Doing spot checks on student laptops. No surprises, thank goodness.


At The School at Columbia University, we have a 1:1 laptop program, and we don’t filter. So kids are feasibly free to access any online site they want. However, we have the students and parents sign an Acceptable Use Policy (AUP) at the beginning of the year, we reinforce using technology academically/respectfully/responsibly, I always walk around the room looking at screens and asking kids what they are doing, and we don’t allow students to use the computers when unsupervised.

Of course, we deal with infractions, but frankly these occasions are probably just as frequent/infrequent as at a school with filters in place.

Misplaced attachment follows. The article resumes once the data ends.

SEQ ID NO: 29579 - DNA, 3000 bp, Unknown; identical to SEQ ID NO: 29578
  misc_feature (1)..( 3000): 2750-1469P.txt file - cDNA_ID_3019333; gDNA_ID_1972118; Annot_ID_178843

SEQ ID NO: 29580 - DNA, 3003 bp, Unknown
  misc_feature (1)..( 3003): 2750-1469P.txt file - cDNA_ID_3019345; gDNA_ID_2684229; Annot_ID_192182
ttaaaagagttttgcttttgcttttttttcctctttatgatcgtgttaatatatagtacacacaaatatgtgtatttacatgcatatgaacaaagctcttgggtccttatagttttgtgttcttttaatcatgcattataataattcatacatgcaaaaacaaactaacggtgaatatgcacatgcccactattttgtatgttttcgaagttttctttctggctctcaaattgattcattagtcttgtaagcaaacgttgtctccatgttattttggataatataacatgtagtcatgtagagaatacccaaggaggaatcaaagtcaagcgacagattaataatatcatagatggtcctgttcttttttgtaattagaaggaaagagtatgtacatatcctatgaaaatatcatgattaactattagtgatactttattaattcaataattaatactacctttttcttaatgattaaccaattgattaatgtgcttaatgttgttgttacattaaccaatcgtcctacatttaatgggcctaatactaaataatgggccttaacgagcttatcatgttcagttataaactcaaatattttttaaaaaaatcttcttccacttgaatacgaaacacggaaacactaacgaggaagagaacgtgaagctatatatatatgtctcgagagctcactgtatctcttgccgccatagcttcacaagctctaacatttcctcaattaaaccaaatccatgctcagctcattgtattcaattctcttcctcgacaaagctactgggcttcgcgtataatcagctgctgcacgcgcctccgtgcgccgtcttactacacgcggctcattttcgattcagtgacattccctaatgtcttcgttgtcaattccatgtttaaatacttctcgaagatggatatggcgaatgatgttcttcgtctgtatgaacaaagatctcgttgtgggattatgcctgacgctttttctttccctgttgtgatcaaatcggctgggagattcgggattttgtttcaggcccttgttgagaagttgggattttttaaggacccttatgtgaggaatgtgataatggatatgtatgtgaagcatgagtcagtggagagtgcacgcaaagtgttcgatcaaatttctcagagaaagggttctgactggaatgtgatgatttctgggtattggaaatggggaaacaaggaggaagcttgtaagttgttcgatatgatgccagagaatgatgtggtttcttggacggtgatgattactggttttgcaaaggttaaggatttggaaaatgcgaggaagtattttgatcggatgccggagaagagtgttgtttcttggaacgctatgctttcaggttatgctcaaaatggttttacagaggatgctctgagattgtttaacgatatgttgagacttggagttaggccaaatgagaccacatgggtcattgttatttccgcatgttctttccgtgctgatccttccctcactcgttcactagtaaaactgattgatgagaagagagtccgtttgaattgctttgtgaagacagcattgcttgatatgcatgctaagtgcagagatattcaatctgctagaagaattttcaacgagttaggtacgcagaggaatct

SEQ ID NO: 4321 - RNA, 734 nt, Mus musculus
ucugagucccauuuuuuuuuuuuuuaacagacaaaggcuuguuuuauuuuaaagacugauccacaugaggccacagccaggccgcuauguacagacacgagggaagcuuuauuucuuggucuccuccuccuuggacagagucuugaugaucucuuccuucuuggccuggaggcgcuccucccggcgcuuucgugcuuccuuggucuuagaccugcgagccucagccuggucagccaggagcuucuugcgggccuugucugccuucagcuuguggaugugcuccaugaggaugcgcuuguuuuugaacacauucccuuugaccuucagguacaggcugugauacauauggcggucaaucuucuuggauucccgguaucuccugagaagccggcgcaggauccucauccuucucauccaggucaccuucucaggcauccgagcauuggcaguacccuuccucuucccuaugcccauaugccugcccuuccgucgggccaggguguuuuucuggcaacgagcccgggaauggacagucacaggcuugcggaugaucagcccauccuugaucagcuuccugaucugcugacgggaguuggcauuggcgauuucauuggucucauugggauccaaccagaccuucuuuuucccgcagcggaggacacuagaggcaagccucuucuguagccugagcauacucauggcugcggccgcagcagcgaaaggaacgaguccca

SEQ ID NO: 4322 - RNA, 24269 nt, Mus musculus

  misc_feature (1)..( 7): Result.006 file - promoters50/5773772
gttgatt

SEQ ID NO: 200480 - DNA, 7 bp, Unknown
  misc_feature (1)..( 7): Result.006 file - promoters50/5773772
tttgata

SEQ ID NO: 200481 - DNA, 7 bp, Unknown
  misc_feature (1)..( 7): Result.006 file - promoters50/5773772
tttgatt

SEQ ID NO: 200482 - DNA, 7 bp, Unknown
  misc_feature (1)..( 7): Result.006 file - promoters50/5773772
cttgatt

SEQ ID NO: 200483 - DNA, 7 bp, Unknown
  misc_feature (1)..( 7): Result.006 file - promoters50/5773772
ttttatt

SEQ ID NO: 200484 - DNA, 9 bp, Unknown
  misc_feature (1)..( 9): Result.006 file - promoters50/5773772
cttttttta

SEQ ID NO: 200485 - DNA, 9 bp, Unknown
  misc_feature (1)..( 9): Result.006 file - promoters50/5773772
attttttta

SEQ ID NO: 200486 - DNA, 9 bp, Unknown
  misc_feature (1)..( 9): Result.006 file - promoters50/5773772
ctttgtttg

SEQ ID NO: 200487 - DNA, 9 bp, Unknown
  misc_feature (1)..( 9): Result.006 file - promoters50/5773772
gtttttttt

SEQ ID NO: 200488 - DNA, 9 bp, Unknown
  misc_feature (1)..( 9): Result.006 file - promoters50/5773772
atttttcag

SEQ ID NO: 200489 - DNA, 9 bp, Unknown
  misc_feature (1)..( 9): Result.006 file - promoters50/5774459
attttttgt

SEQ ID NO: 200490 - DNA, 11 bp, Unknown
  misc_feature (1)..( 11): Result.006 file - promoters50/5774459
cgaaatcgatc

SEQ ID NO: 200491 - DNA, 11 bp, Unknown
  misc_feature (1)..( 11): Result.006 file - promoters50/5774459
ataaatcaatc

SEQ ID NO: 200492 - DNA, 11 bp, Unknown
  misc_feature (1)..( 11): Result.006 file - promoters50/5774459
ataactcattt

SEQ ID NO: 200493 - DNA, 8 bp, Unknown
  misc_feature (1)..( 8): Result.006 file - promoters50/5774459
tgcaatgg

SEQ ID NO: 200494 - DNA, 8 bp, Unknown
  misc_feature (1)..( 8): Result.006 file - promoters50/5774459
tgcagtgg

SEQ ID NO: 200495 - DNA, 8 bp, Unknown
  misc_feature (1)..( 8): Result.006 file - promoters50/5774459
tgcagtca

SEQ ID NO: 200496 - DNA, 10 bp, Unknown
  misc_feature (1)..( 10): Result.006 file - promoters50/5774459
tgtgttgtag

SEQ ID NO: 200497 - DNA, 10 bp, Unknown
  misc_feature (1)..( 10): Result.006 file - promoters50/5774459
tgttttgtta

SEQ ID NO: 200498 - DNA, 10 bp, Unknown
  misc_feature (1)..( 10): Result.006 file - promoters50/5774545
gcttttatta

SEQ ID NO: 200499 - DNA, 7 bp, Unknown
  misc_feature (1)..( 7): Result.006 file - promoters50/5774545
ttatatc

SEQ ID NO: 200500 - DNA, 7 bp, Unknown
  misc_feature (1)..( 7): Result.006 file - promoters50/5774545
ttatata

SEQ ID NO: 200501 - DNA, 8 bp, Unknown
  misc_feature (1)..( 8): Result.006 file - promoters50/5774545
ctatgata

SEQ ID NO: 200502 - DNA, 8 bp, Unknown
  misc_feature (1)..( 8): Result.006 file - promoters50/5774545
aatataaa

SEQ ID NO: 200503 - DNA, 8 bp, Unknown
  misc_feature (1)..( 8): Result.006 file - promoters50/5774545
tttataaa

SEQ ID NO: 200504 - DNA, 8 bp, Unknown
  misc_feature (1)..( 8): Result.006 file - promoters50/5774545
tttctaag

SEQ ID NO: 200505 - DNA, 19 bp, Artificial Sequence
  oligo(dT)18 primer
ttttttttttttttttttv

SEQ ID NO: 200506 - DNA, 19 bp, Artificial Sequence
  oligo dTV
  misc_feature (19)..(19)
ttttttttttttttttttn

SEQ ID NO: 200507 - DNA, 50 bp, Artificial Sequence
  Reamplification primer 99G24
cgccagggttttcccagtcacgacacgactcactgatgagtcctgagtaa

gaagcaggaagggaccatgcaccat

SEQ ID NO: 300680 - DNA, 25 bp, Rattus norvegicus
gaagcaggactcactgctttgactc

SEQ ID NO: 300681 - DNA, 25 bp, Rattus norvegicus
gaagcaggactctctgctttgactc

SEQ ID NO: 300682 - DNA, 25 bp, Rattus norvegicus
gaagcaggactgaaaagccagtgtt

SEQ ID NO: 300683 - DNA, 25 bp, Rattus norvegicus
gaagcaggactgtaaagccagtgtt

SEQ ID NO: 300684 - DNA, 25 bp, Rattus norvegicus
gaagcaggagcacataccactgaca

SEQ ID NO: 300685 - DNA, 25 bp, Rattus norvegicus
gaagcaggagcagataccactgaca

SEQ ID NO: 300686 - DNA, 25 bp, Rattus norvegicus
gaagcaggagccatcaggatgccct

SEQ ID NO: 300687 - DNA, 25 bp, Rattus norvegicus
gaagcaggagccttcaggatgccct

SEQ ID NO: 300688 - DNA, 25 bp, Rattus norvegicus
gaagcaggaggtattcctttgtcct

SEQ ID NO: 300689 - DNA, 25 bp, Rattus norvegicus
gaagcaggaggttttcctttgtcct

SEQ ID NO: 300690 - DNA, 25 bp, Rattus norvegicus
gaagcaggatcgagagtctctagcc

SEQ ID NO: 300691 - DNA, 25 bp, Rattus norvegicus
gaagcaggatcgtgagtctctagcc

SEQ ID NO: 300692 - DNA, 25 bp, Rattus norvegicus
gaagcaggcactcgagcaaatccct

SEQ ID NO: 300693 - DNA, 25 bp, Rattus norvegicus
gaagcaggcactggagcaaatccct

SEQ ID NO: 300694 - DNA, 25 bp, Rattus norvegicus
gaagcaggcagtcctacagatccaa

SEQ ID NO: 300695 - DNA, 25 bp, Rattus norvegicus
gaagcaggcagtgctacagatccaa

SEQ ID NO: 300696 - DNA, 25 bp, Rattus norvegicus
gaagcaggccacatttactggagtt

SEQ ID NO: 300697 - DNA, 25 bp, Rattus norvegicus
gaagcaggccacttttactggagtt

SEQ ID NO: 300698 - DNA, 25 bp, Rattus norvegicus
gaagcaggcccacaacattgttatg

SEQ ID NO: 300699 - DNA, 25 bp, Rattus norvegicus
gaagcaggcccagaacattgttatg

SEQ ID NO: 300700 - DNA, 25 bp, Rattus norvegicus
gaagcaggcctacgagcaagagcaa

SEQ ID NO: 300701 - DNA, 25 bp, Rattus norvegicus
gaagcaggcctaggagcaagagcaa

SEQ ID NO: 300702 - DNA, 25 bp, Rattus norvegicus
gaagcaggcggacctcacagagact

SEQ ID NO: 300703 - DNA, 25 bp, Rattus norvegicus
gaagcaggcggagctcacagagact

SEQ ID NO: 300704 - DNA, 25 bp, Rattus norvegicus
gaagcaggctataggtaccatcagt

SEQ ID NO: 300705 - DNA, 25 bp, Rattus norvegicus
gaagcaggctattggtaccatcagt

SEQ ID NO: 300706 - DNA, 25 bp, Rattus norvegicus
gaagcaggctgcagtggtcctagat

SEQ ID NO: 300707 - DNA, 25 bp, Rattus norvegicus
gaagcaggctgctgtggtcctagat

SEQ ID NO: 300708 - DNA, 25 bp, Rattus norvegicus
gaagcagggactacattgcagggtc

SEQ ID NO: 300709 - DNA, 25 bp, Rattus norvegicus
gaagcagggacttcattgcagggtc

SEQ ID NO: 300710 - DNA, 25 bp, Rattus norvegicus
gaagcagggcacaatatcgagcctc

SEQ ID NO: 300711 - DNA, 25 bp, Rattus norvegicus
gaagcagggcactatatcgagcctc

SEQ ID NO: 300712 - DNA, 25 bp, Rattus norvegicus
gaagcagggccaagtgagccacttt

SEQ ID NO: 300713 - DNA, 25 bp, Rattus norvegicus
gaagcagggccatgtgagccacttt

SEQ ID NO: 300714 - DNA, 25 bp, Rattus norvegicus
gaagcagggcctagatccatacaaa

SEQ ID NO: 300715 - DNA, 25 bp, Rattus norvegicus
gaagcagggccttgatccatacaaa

Today, I am scanning all of the 8th grade laptops while they are away on a trip. I’m just quickly looking at the web histories on the various browsers we installed on each machine (Safari, Firefox, Chrome) and poking in their desktop folders. Yes, kids can erase their histories, but a blank history or glaring holes in a history is a red flag that more digging needs to be done, in which case we may run a program like FileJuicer or something similar.

So far, out of the about 30 machines, I’ve come across 3 kids that are clearly using their school laptop to access Facebook, gaming sites, and/or YouTube. I plan on talking to each child personally when they return to school. In the meantime, I chose the low-tech approach of posting a physical sticky note on their screen.

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